Fair value hedges
Cash flow hedges
Other derivative positions 7.3 71.1
Total derivatives included in interest-bearing    
current liabilities to subsidiaries 7.3 71.1
Other short-term loan liabilities    
Fair value hedges
Cash flow hedges
Other derivative positions 17.3 61.3
Total derivatives included in other short-term loan liabilities 17.3 61.3

Page 87

 
Note 43. Operating expenses
 

Audit fees and reimbursements      
MSEK 2007 2006 2005
PricewaterhouseCoopers      
– audit assignments 7.7 8.2 6.9
– other assignments1 3.1 12.7 3.0
Total PricewaterhouseCoopers 10.8 20.9 9.9
       
Other auditors      
– audit assignments
Total 10.8 20.9 9.9
1 The cost of other assignments carried out by PricewaterhouseCoopers includes fees for audit-
related advisory services relating to accounting, including IFRS, IT, acquisitions, divestments and matters concerning the Group’s internal bank.
 
Note 44. Personnel
 

Average number of employees; distribution by gender                  
      Women     Men     Total
  2007 2006 2005 2007 2006 2005 2007 2006 2005
Sweden 20 19 14 13 13 15 33 32 29
In 2007 the number of Board members and Presidents was 9 (10, 11) of whom 3 (3, 2) were women.              
 

Personnel costs                        
      2007     2006     2005   Of which bonuses
MSEK Salaries Social benefits (of which pensions) Salaries Social benefits (of which pensions) Salaries Social benefits (of which pensions) 2007 2006 2005
Board of Directors                        
and Presidents 16.1 8.3 (2.6) 6.1 2.5 (–) 4.7 1.8 (–) 2.0
Other employees 40.0 22.7 (9.7) 36.0 21.0 (9.4) 28.9 25.0 (15.6) 0.0 6.2 9.4
Total 56.1 31.0 (12.3) 42.1 23.5 (9.4) 33.6 26.8 (15.6) 2.0 6.2 9.4
In addition to personnel costs for 2005 Securitas AB made a provision for a pension for Juan Vallejo, a member of the Group Management.        
 

Sick leave      
  2007 2006 2005
Total number of hours reported      
as sick leave among employees 1,493.1 770.2 599.7
Men, by age: 54.4 52.5 37.5
<30 years 15.0
30–49 years 54.4 52.5 22.5
>49 years
       
Women, by age: 1,438.8 717.7 562.2
<30 years 195.0
30–49 years 362.5 195.0 352.2
>49 years 1,076.3 522.7 15.0
       
Normal annual working hours per person:      
Employees’ total normal working hours 64,350 62,400 56,550
Men 25,350 25,350 27,300
Women 36,000 37,050 29,250
       
Sick leave as % of normal working hours:      
Men 0.21 0.21 0.14
Women 3.69 1.94 1.90
 
Note 45. Other financial income and expense, net
 

MSEK 2007 2006 2005
Impairment losses, shares in subsidiaries1 –638.9 –1,539.1
Exchange rate differences, net –314.5 –106.0 –243.8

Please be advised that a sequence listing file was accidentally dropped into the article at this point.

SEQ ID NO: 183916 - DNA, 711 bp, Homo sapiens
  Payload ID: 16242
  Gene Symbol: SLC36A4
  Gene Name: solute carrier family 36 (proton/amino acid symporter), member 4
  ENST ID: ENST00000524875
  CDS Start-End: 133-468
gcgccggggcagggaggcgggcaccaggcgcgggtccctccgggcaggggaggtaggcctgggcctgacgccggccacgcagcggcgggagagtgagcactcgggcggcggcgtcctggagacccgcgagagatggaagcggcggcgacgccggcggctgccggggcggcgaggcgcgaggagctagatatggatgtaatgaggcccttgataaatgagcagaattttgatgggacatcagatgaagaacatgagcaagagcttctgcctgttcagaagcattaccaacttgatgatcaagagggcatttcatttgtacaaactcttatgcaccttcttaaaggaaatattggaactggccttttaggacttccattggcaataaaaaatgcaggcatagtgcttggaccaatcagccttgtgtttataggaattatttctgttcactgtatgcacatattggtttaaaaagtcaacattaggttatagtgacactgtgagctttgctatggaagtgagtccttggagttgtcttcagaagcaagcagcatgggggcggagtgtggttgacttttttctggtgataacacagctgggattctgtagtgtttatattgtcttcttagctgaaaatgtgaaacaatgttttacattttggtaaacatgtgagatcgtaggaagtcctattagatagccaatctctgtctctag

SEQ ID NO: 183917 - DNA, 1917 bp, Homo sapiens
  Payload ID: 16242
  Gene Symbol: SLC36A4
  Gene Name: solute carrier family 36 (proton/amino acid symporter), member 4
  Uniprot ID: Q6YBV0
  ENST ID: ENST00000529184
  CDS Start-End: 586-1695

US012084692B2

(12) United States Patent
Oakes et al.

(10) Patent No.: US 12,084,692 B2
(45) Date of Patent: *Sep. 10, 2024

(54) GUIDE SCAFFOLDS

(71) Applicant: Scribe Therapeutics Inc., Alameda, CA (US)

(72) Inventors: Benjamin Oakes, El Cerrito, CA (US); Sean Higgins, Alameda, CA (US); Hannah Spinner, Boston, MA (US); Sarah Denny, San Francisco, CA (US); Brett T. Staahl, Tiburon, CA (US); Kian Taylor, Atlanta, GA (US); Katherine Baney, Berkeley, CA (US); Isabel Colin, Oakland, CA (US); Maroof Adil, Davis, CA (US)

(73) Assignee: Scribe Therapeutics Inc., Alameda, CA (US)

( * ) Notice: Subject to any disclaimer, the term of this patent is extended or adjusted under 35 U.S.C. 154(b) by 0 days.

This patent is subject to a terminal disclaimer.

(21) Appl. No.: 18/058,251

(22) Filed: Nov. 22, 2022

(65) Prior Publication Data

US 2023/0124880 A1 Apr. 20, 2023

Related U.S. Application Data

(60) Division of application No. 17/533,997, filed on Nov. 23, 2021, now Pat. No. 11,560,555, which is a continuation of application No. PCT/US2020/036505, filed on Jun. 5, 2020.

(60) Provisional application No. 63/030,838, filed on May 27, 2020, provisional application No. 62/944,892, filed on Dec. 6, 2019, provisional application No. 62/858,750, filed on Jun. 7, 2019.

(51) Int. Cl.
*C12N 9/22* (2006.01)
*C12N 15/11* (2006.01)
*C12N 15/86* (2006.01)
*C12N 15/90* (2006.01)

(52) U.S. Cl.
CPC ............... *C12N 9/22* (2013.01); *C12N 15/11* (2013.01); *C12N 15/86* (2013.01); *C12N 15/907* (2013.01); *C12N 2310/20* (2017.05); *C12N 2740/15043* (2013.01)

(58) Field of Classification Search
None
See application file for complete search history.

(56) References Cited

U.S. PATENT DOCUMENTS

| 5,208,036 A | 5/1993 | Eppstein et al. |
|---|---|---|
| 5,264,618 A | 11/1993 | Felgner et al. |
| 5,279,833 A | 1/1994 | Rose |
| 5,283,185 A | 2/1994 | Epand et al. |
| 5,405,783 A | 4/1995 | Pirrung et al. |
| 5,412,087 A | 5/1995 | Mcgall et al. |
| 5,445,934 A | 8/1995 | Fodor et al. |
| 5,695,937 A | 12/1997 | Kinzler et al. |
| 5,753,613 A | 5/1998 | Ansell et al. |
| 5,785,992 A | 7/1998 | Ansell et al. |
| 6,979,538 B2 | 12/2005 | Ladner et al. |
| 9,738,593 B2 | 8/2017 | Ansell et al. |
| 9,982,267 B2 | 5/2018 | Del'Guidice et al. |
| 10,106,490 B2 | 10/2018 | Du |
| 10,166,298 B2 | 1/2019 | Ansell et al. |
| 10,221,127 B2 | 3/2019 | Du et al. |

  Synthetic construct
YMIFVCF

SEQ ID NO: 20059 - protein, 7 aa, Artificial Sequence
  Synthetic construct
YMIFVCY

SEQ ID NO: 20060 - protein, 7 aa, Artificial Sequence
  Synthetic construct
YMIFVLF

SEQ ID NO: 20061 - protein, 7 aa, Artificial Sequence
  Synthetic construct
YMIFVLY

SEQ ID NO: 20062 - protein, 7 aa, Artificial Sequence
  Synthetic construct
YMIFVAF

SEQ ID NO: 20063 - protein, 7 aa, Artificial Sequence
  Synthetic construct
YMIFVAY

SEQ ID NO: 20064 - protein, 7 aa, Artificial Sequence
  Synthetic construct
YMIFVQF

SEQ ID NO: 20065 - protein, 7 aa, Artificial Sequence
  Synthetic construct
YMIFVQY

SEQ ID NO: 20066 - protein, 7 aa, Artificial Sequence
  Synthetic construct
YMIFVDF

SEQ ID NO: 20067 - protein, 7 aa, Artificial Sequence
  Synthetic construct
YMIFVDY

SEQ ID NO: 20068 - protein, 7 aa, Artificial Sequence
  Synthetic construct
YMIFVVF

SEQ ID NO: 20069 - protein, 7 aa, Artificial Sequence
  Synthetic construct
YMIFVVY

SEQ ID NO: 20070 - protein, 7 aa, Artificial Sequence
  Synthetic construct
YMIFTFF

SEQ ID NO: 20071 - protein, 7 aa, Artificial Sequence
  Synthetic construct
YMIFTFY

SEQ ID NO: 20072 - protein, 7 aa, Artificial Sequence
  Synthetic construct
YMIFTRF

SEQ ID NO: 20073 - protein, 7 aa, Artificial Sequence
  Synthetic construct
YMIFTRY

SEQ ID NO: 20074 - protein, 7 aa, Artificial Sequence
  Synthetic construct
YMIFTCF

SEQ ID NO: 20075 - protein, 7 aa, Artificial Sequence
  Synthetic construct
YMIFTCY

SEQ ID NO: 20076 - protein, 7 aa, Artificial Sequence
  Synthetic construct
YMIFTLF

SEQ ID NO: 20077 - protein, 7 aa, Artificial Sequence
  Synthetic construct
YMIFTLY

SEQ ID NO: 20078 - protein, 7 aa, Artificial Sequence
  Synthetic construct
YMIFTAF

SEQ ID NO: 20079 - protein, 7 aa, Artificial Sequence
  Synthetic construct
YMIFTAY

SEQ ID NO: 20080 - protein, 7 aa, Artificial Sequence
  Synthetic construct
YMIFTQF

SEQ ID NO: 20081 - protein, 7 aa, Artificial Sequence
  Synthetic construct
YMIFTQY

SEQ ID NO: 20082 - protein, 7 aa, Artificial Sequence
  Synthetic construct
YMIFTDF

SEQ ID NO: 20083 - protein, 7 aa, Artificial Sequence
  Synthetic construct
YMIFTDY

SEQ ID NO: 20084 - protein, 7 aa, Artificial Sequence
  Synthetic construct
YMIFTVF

Bank costs and similar income/expense items –12.5 –34.3 –12.1
Revaluation of financial instruments (IAS 39)2 –4.1 –38.6
Other items, net –1.9 –8.2 –14.6
Total other financial income      
and expense, net –971.9 –1,726.2 –270.5
1 The value of shares in subsidiaries was written down in connection with the receipt by the Parent
Company of dividends from the subsidiary and in connection with recognition of impairment losses
of goodwill in the Netherlands in 2007 where an impairment was also recognized for shares in
subsidiaries, and intra-group restructuring in connection with the dividend of Securitas Direct AB and
Securitas Systems AB in 2006. IAS 39 has been applied by the Parent Company since January 1, 2006.  
 
Note 46. Taxes
 

Statement of Income Tax expense      
MSEK 2007 2006 2005
Tax on income before taxes      
– current taxes –13.6 –27.7 –32.4
– deferred taxes –10.5 28.8 96.8
Total taxes –24.1 1.1 64.4
The Swedish Corporate tax rate was 28 percent in 2007, 2006 and 2005. Deferred taxes for 2005 have been adjusted for effects of change of accounting principle according to IAS 21 concerning translation reserve. See also note 40.
 

Difference between statutory Swedish tax rate and actual tax expense for the Parent Company      
MSEK 2007 2006 2005
Tax based on the Swedish tax rate 28% –172 –805 –1,106
Tax from prior years 0 –7 2
Tax effect related to non-taxable income 371 1,246 1,114
Tax effect related to non-deductible expenses –223 –433 –58
Tax effect on loss carryforwards 112
Actual tax charge –24 1 64
Tax effect of non-taxable income mainly relates to dividends from subsidiaries. Tax effect of non-deductible expenses mainly relates to write-down of shares in subsidiaries.
 
Tax loss carryforwards
The tax loss carryforwards for the Parent Company amounted to MSEK 0 (0 and 0) as of December 31, 2007.